Chinese food market will grow “more than any other market on earth”

With the Chinese food market expected to grow by more than $300 billion by 2020, opportunities abound, reports Michael Jones

According to Michael Schaefer, international global food and beverage lead at Euromonitor, $26 trillion was spent in the global foodservice industry in 2015.

Schaefer, speaking at the National Restaurant Association meeting at NRA Show 2016 in Chicago, Illinois, last week, said that, from that total, only 20% of global food sales are now coming from within the US.

Of the remaining 80%, southeast Asia and China in particular make up the biggest constituent part of those sales. In the next four years, says Schaefer, the Chinese food market alone is expected to grow by more than $300 billion, “more than any other market on earth.”

Much of that growth will come from fast food-oriented operations and, while China remains primed for investment opportunities, Schaefer indicated that the Middle East, Turkey, Indonesia, Thailand and Vietnam were all worthy of attention from canny investors.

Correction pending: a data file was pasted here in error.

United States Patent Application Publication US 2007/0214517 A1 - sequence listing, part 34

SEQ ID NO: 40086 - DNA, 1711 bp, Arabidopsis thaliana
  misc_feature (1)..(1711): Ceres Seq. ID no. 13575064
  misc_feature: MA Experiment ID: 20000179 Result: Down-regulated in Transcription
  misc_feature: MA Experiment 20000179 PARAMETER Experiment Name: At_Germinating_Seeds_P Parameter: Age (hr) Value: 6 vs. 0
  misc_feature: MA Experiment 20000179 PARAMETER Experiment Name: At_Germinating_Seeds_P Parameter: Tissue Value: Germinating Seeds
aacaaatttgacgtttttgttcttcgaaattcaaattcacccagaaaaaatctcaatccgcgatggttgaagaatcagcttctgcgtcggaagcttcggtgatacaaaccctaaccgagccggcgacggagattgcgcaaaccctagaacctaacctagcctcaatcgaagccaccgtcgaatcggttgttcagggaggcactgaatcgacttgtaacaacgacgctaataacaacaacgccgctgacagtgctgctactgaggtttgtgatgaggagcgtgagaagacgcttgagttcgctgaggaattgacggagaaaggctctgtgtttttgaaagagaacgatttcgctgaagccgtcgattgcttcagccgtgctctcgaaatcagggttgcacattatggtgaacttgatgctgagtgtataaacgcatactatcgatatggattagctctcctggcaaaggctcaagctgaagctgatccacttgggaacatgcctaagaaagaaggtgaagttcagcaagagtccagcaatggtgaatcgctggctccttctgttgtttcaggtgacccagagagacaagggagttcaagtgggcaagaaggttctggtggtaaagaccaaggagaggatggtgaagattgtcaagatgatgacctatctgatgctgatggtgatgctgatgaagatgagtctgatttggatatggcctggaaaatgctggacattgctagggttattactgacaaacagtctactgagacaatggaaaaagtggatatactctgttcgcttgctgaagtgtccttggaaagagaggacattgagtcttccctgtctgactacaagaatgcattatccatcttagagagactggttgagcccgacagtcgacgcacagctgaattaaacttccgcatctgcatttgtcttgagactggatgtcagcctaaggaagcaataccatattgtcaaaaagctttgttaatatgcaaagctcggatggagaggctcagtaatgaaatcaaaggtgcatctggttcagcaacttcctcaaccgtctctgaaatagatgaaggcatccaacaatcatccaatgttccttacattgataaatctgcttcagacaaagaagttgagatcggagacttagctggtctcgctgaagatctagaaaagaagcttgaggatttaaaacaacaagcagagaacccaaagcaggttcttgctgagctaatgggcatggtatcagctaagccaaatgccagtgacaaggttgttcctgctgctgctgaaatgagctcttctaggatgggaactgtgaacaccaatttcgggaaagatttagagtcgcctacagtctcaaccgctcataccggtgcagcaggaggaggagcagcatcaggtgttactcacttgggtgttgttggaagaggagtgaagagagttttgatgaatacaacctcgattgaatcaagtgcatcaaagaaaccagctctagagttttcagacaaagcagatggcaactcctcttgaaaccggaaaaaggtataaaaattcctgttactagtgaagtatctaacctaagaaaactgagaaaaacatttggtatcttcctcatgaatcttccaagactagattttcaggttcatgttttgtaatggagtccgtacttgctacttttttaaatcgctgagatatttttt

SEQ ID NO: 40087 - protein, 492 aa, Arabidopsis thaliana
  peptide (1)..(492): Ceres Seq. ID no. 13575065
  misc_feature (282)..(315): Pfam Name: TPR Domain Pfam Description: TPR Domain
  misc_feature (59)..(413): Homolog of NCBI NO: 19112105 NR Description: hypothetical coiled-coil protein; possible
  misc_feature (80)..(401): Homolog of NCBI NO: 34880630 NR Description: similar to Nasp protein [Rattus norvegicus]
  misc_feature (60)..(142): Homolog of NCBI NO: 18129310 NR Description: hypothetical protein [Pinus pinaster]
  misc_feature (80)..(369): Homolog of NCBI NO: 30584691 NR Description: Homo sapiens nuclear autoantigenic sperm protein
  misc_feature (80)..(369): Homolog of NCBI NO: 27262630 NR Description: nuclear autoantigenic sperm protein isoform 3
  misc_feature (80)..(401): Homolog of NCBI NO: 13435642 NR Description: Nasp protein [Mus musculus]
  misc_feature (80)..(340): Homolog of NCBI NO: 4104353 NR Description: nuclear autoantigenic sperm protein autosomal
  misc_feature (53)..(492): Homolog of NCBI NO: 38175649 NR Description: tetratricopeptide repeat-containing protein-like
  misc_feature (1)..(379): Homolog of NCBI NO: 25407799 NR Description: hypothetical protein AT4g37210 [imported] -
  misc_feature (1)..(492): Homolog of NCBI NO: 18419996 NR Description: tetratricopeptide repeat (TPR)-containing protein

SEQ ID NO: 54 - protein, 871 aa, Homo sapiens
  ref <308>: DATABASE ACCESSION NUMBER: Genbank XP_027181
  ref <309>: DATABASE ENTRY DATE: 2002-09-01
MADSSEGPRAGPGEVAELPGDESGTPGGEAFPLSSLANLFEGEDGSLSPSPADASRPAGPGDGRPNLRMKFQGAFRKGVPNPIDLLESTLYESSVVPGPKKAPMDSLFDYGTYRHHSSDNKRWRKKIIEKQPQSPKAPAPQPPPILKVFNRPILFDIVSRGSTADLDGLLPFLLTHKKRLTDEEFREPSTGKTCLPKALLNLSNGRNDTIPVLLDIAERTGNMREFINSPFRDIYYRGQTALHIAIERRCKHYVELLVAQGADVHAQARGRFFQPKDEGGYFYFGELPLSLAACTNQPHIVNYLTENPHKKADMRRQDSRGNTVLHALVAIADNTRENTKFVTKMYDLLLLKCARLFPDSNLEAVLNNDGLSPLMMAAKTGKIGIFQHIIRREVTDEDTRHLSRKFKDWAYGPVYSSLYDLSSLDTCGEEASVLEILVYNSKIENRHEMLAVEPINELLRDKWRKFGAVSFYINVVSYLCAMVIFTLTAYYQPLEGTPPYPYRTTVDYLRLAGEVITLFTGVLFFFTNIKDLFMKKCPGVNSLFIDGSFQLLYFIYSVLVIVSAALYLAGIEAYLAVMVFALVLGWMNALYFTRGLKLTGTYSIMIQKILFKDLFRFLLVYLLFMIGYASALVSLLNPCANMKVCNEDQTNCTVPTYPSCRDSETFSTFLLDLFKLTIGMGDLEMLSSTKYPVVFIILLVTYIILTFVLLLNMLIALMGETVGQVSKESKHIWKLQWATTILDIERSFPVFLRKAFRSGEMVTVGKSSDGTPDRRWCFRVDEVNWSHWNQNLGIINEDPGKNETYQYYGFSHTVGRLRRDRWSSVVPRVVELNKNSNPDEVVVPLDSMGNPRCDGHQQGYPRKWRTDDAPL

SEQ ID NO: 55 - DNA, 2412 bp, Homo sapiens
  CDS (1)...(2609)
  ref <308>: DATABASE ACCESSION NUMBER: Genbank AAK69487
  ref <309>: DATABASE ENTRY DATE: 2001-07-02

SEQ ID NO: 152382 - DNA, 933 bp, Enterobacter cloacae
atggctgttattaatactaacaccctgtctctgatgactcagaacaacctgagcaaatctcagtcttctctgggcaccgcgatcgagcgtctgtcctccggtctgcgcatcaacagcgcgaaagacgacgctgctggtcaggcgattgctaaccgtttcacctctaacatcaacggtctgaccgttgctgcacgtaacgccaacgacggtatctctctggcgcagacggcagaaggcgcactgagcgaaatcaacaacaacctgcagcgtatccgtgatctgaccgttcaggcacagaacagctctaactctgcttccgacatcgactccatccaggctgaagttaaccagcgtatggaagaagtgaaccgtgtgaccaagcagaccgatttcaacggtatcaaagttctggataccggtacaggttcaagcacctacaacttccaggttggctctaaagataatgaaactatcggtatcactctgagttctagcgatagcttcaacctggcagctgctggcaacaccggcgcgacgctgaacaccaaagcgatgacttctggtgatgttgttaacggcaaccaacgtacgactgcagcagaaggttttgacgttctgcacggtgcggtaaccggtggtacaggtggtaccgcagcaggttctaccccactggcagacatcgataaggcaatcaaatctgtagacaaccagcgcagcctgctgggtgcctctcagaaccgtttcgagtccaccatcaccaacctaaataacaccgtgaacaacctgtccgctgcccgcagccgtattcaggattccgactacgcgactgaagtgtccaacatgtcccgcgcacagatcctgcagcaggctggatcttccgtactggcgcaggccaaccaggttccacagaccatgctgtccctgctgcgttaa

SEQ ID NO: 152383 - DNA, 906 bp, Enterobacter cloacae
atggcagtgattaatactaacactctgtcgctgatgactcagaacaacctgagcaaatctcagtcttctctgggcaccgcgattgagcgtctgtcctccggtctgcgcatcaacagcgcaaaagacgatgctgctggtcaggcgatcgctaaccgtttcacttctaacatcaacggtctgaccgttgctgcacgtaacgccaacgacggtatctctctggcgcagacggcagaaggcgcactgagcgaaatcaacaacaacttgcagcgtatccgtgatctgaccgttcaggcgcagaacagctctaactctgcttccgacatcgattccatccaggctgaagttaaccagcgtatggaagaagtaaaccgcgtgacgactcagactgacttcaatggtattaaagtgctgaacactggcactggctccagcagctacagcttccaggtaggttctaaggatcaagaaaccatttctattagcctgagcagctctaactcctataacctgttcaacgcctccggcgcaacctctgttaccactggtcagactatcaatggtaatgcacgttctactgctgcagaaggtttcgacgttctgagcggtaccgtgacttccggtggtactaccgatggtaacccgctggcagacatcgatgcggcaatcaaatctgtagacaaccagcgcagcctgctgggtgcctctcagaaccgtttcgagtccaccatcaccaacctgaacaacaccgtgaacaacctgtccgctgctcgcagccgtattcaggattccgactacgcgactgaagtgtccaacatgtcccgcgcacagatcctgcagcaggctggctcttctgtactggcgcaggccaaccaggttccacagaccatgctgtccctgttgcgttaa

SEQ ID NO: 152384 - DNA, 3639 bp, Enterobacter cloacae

Schaefer did, however, exercise caution for Western brands and restaurant chains looking to steal a march on their competitors in Asia. He emphasised the Asian market is already especially fragmented, with a much larger emphasis on street vendors, kiosks and “rolling restaurateurs” compared to the West so the region therefore requires significant due diligence before entry.

It’s not only the quick service sector that is growing in Asia either. According to a recent study from China Market Research (CMR) Group, China witnessed 87% growth in casual dining between 2009 and 2013. Melody Kong from CMR Group recently told Ali Group’s Aliworld magazine that “consumers have higher demands on casual dining than a couple of years ago in terms of food quality, restaurant atmosphere and service.” She identified key players as being “mainly international chains, such as Pizza Hut, or domestic chains including Bi Feng Tang (Cantonese) and Babels’ Kitchen (Italian).”

There are, says Kong, plenty of opportunities for Western brands to capitalise on in China, “provided they offer high-quality, specialised food and top service.” That view is endorsed by David Henkes senior principle at sector analysts Technomic, who believes established chains “have to offer an experience consumers can’t get anywhere else.”

Michael Jones

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